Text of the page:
Disclosures: Cho reports receiving a licensed domestic patent related to this study. Please see the study for all other authors’ relevant financial disclosures.
May 06, 2022
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Smartphone-recorded sleep breathing shows promise for obstructive sleep apnea prediction

Disclosures: Cho reports receiving a licensed domestic patent related to this study. Please see the study for all other authors’ relevant financial disclosures.
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Sleep breathing sounds recorded via smartphone yielded fair prediction of obstructive sleep apnea, researchers reported in JAMA Otolaryngology Head & Neck Surgery.

“The gold standard diagnostic method for OSA is attended, full-night, in-laboratory polysomnography that involves recording numerous physiologic signals that are manually scored by certified sleep technicians or physicians. Therefore, in-laboratory polysomnography is expensive, and accessibility to a sleep facility is not always easy,” Sung-Woo Cho, MD, from the department of otorhinolaryngology – head and neck surgery at Seoul National University Bundang Hospital at Seoul National University College of Medicine in Seongnam, South Korea, and colleagues wrote. “Considering the high prevalence of OSA, performing full-night, in-laboratory polysomnography may not be practical for all patients.”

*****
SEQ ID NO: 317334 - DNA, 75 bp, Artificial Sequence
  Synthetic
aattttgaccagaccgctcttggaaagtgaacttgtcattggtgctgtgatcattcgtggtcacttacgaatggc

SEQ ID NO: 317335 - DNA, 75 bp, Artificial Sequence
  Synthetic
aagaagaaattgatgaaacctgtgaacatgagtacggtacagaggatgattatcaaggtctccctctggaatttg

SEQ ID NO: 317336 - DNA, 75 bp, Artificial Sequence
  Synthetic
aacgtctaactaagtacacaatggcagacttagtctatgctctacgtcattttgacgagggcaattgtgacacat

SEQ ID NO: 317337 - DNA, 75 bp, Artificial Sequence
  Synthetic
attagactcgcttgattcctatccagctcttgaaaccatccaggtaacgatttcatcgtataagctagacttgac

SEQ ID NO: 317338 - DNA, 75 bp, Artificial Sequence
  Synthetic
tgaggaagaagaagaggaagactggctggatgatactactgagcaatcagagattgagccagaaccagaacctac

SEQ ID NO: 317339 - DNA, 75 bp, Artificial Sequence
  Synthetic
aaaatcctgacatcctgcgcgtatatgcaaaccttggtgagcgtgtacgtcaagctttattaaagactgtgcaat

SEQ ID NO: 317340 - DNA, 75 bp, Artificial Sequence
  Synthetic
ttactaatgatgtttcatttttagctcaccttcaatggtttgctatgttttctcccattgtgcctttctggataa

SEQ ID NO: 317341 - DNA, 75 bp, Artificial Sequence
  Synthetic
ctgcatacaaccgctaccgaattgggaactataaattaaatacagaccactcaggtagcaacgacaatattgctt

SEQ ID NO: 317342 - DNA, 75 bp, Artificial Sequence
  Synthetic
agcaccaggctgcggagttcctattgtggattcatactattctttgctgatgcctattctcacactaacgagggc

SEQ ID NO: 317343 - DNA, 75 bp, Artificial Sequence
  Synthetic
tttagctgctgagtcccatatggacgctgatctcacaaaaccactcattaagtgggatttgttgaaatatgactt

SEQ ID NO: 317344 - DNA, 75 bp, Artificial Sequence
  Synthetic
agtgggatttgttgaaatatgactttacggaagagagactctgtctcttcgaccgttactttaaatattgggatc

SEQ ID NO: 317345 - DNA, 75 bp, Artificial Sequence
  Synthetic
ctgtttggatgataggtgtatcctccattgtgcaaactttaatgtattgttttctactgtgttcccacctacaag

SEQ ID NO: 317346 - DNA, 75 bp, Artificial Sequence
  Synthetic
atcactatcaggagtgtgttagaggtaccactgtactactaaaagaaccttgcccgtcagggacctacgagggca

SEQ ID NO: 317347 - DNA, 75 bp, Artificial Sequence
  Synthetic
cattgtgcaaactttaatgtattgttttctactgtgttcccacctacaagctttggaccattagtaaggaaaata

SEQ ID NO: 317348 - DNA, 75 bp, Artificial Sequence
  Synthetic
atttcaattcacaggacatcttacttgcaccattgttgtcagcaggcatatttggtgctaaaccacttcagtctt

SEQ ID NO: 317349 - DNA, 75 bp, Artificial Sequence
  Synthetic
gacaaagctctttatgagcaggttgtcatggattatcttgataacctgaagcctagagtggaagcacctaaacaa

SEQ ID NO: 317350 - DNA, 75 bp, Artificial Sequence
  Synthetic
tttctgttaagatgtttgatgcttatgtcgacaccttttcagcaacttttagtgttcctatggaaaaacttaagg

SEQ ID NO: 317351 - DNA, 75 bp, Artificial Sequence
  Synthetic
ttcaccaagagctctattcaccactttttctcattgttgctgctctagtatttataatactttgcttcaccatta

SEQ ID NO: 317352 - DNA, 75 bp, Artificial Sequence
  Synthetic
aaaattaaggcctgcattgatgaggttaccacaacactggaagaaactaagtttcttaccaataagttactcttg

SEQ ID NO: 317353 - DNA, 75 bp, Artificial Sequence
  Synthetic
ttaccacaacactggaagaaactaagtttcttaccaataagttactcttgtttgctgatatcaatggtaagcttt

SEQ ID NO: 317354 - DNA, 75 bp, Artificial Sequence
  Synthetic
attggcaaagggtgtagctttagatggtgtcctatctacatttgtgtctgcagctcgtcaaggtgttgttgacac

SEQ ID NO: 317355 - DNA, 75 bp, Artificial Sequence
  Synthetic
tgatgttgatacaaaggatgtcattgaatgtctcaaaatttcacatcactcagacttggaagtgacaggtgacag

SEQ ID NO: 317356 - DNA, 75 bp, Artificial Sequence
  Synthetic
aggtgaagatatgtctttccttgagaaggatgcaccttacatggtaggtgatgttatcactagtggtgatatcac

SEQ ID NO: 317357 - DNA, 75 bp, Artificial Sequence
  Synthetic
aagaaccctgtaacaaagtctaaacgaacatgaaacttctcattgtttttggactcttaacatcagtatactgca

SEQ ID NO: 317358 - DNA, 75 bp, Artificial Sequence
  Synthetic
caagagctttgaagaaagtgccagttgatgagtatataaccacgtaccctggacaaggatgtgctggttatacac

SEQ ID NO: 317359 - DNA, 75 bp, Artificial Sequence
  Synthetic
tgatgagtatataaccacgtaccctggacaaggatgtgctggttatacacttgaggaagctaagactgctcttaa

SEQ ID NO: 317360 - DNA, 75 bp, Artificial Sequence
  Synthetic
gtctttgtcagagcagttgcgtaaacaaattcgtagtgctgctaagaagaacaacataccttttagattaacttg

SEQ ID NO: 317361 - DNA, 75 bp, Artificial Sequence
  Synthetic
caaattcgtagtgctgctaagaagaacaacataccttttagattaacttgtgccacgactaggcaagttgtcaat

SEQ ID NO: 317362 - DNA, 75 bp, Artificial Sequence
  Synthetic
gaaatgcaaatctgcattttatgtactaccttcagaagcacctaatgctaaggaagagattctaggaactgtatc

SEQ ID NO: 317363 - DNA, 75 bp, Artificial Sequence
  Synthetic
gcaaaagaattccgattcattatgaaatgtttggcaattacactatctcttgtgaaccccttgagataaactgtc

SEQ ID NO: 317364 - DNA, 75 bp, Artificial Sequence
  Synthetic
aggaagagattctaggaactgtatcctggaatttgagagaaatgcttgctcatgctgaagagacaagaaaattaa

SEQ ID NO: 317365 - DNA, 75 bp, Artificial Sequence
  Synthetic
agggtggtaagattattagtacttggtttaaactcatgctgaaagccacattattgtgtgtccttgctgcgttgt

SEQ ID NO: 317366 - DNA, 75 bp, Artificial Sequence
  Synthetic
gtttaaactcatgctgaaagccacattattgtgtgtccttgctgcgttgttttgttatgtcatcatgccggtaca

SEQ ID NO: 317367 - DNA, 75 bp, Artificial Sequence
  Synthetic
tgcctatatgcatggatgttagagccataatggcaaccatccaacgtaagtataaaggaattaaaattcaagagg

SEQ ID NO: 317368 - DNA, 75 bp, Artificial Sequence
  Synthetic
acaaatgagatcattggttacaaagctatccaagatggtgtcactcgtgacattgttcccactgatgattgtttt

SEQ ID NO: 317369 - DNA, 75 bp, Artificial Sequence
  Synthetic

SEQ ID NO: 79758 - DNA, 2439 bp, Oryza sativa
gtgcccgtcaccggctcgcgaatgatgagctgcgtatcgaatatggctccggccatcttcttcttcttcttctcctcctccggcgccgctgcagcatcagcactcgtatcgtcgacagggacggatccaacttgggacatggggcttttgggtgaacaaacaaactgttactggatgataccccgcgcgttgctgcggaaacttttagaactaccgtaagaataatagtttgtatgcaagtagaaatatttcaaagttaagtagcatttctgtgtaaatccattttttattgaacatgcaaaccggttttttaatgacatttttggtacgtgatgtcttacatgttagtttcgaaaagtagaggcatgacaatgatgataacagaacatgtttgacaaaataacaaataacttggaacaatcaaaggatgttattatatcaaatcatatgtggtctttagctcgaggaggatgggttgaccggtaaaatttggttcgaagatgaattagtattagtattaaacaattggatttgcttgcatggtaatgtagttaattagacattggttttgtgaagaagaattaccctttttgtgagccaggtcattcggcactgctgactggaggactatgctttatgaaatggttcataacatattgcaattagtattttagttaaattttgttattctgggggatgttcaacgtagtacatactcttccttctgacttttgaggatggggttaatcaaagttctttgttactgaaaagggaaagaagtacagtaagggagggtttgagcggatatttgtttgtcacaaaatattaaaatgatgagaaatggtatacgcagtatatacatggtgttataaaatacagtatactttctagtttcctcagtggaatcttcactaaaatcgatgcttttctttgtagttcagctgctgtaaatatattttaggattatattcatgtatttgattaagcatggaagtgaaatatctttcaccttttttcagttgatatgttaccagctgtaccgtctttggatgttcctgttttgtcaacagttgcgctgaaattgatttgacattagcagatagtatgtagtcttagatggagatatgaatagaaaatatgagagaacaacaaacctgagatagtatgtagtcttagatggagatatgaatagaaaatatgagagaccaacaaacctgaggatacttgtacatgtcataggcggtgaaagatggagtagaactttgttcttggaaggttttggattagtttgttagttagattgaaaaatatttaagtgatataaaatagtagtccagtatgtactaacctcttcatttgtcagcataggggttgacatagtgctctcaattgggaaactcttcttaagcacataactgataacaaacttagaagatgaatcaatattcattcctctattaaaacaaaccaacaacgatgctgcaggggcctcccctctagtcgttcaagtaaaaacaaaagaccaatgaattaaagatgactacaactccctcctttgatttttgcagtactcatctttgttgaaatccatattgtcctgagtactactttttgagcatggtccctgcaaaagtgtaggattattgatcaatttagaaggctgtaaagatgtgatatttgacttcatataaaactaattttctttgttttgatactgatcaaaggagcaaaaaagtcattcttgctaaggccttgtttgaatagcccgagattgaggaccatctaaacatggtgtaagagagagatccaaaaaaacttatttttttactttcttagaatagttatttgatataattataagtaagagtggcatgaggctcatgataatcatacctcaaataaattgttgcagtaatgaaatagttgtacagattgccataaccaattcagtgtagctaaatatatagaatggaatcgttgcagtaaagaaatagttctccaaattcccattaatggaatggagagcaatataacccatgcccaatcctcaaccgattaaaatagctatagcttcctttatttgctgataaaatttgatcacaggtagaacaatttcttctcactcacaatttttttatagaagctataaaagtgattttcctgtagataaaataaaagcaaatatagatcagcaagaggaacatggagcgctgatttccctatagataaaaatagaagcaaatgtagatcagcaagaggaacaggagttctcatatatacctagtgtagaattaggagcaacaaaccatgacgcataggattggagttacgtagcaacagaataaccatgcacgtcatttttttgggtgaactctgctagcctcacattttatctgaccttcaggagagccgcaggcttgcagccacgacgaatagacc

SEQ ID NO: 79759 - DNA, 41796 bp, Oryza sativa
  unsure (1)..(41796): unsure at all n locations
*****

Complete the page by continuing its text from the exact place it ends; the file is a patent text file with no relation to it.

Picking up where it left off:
Smartphone stock image
Source: Adobe Stock.

The cross-sectional study enrolled 423 patients (mean age, 48.1 years; 84.1% men) who visited the Seoul National University Bundang Hospital sleep center for snoring or sleep apnea from August 2015 to August 2019. Patients recorded audio during sleep with a smartphone during routine, full-night, in-laboratory polysomnography. Researchers conducted binary classifications for different threshold criteria based on an apnea hypopnea index threshold of five, 15 or 30 events per hour and created four regression models including noise reduction without feature selection, noise reduction with feature selection, neither noise reduction nor feature selection and feature selection without noise reduction.

Researchers split data into training (n = 256) and test (n = 167) data sets and patients were grouped as normal (n = 43), mild OSA (n= 80), moderate OSA (n = 109) or severe OSA (n = 191).

Smartphone-recorded audio yielded an accuracy of 88.2% for an apnea-hypopnea index threshold of five events per hour, 82.3% for 15 events per hour and 81.7% for 30 events per hour. Areas under the curve were 0.9, 0.89 and 0.9 for five, 15 and 30 events per hour, respectively.

All four regression models demonstrated similar results with correlation coefficients ranging from 0.77 to 0.78. Smartphone-recorded audio that was not denoised and had only selected attributes yielded the highest correlation coefficient in the regression analysis (r = 0.78). Both apnea-hypopnea index (beta = 0.33) and sleep efficiency (beta = –.2) were associated with OSA estimation error.

“These prediction models yielded a fair prediction performance, and we found that noise cancellation was not mandatory for a good prediction performance. ... Future research should be extended to incorporate real-life smartphone recordings at home using various smartphone devices,” the researchers wrote.